Gardeners certainly understand the connection between growing a vegetable garden and sharing the fruits of their efforts with others. In addition to the Plant a Row for the Hungry campaign, there are other organizations working to help gardeners provide food for their communities.
Just recently I learned about a similar year-round “gardening for good” program called Ample Harvest.
According to information on its website, “AmpleHarvest.org gives food pantries the opportunity to be listed in a central nationwide directory so that gardeners can share their fresh produce and, garden-by-garden, help diminish hunger in America.”
I first heard from Gary Oppenheimer, founder of AmpleHarvest.org, when he wrote to ask permission to use a photo he found on this site.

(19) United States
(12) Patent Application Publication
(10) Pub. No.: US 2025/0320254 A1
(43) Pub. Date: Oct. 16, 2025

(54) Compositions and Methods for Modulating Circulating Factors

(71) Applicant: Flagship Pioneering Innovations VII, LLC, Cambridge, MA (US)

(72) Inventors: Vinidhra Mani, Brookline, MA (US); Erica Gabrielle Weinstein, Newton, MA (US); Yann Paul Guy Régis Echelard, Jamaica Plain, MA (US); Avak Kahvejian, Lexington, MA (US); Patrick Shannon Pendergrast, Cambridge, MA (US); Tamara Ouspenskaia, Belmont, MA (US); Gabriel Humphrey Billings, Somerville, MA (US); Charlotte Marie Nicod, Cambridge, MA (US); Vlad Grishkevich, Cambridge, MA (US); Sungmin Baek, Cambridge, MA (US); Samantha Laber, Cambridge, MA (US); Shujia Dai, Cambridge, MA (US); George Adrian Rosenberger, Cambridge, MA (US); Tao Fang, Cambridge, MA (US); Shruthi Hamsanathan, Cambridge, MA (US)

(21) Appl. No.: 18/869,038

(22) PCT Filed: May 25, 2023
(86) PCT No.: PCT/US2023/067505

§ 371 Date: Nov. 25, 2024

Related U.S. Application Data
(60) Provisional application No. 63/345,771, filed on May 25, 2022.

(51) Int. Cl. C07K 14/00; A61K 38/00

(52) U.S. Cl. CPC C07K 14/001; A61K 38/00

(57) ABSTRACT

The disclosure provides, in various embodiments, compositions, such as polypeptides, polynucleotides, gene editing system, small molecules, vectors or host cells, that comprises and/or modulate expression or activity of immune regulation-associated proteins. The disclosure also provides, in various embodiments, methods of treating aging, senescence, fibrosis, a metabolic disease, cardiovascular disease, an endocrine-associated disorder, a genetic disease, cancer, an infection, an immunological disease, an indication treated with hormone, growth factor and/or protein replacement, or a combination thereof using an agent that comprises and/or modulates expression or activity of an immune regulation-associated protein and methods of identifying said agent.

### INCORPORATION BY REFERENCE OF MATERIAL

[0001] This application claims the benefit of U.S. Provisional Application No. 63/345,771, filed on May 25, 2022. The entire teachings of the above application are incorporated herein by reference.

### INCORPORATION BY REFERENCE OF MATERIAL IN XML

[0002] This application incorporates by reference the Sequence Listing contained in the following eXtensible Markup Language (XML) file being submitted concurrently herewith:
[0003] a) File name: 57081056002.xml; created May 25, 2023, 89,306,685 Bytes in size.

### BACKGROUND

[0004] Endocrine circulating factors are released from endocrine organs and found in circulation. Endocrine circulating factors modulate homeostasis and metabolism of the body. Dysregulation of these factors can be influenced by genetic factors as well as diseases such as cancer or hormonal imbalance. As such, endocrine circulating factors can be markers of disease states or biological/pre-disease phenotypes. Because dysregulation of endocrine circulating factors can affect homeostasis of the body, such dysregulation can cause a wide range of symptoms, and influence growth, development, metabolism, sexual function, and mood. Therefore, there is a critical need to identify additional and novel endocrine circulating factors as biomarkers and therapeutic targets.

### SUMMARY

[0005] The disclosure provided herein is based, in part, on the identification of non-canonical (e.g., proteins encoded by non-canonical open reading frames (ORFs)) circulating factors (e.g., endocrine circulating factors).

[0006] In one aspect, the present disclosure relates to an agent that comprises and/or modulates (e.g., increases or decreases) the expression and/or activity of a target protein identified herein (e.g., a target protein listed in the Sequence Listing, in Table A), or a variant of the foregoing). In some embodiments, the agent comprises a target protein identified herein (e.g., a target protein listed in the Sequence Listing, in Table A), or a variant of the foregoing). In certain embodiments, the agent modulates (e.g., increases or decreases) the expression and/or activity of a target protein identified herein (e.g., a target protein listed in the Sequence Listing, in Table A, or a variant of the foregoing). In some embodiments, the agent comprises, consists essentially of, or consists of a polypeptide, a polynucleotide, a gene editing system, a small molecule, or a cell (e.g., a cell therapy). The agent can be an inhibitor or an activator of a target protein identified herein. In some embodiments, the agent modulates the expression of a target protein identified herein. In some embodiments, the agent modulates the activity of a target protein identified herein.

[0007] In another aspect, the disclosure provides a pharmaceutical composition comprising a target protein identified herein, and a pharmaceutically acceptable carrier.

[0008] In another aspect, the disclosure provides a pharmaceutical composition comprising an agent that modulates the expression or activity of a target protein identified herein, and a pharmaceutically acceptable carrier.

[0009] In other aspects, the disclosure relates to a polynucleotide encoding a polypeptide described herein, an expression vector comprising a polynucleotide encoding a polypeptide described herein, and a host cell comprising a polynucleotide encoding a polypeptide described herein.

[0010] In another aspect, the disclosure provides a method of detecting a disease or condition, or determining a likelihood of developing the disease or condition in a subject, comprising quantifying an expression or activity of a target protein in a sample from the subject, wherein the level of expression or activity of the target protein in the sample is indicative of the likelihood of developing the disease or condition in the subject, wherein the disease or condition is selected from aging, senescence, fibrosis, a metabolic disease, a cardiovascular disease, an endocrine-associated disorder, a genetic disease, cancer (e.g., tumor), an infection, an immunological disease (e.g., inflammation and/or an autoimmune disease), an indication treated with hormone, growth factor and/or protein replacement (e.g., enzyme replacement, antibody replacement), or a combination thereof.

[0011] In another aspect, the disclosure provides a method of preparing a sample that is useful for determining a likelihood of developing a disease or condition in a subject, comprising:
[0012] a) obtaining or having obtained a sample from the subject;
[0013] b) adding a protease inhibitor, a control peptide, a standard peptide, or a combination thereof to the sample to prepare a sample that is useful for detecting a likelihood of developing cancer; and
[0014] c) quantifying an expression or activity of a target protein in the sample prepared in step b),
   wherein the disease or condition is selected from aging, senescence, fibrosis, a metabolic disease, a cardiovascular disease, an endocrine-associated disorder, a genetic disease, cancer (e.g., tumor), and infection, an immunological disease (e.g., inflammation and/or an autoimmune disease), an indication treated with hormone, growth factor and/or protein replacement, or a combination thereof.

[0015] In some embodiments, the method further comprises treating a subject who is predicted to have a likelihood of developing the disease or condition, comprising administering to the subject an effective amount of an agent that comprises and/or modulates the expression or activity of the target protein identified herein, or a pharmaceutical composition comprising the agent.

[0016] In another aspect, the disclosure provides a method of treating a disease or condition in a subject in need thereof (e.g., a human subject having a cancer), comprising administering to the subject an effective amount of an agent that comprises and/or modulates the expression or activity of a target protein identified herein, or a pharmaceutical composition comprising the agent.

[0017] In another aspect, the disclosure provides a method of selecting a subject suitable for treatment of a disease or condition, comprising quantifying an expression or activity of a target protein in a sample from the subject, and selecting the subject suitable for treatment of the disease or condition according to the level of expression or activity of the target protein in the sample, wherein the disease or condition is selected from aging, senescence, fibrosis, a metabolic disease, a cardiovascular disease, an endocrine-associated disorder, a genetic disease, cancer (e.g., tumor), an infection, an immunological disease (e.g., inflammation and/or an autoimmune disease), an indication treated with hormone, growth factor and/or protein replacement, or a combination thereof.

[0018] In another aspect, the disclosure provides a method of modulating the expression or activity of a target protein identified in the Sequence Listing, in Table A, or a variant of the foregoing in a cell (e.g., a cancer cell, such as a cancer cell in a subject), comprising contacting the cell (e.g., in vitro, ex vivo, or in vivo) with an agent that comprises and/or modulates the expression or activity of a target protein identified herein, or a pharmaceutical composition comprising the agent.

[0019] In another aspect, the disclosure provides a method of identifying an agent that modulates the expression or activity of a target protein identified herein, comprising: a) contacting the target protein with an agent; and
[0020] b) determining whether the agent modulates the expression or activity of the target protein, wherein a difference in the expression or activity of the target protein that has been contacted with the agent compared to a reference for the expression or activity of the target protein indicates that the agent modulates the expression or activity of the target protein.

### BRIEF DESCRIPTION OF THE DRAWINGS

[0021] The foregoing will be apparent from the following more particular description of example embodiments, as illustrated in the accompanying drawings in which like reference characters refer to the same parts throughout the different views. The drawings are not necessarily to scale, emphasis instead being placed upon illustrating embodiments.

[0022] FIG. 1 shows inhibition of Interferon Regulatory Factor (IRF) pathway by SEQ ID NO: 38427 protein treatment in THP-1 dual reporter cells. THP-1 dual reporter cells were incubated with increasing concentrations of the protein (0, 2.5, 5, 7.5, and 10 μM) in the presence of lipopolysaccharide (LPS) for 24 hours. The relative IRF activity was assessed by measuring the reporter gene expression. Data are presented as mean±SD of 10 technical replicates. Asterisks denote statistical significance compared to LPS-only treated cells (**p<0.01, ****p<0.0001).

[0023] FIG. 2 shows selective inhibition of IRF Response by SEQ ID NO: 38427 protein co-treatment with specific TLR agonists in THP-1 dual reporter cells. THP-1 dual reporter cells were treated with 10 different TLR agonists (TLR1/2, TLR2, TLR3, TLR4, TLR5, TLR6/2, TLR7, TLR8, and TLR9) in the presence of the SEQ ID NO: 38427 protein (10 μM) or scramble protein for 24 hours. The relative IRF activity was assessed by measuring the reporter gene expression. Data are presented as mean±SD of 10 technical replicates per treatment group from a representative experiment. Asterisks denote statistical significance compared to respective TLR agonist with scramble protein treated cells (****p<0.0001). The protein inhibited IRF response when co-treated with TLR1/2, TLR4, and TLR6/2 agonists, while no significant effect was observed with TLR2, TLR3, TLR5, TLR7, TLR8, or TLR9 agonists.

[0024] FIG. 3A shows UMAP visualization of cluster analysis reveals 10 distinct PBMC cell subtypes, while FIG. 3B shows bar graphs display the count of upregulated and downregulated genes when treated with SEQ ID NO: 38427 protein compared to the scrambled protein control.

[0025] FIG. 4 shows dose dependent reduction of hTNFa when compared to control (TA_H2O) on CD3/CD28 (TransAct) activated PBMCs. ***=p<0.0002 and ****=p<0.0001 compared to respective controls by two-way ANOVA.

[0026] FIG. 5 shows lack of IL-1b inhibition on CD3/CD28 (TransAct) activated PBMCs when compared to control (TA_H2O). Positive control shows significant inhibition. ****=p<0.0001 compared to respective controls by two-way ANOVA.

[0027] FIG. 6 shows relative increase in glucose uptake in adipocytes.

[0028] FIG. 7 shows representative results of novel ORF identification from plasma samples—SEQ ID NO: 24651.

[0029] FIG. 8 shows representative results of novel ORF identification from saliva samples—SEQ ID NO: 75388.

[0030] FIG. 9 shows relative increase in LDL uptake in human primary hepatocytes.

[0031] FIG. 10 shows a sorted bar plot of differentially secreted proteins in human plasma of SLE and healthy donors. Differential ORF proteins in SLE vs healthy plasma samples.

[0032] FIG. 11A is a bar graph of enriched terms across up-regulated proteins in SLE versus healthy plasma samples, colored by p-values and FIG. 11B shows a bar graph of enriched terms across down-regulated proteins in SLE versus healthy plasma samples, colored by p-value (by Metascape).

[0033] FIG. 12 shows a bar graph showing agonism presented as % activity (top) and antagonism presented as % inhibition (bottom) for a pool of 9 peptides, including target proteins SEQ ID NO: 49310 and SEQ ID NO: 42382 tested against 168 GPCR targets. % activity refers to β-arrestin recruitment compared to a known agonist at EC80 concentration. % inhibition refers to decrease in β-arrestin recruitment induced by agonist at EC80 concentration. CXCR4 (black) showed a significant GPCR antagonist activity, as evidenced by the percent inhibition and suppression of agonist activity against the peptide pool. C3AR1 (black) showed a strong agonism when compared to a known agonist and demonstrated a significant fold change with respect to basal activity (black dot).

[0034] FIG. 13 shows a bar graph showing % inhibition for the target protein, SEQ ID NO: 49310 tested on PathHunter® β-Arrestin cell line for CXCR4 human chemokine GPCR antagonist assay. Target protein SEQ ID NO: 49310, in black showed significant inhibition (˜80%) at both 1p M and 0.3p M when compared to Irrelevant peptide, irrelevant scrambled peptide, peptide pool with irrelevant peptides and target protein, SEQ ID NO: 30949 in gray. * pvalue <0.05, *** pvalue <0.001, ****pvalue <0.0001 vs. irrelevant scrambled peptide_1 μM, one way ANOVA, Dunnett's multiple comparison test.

In his email to me, Gary mentioned his work to encourage local food pantries across the country to register on the Ample Harvest website.
He said each additional food pantry listed is another opportunity for local gardeners to share their ample harvest within their communities.
Gary explained that Ample Harvest is similar to Plant a Row for the Hungry effort because it gives gardeners an outlet for sharing their garden produce with neighborhood food pantries.
The site is free both for the food pantries and the gardeners using it.
“Backed by Google.com and the USDA, more than 1,750 food pantries nationwide are already on it and more are signing up daily,” he wrote.
“It includes preferred delivery times, driving instructions to the pantry as well as (in many cases) information about store bought items also needed by the pantry (for after the growing season). A free Ample Harvest iPhone app is also available.”
If your community has a food pantry, Gary–and I–encourage you to make sure it’s registered on the AmpleHarvest.org website.
If you drop by the website, you’ll be able to see the picture Gary had contacted me about that shows Montana gardener Amy Grisak with one of her bountiful harvests.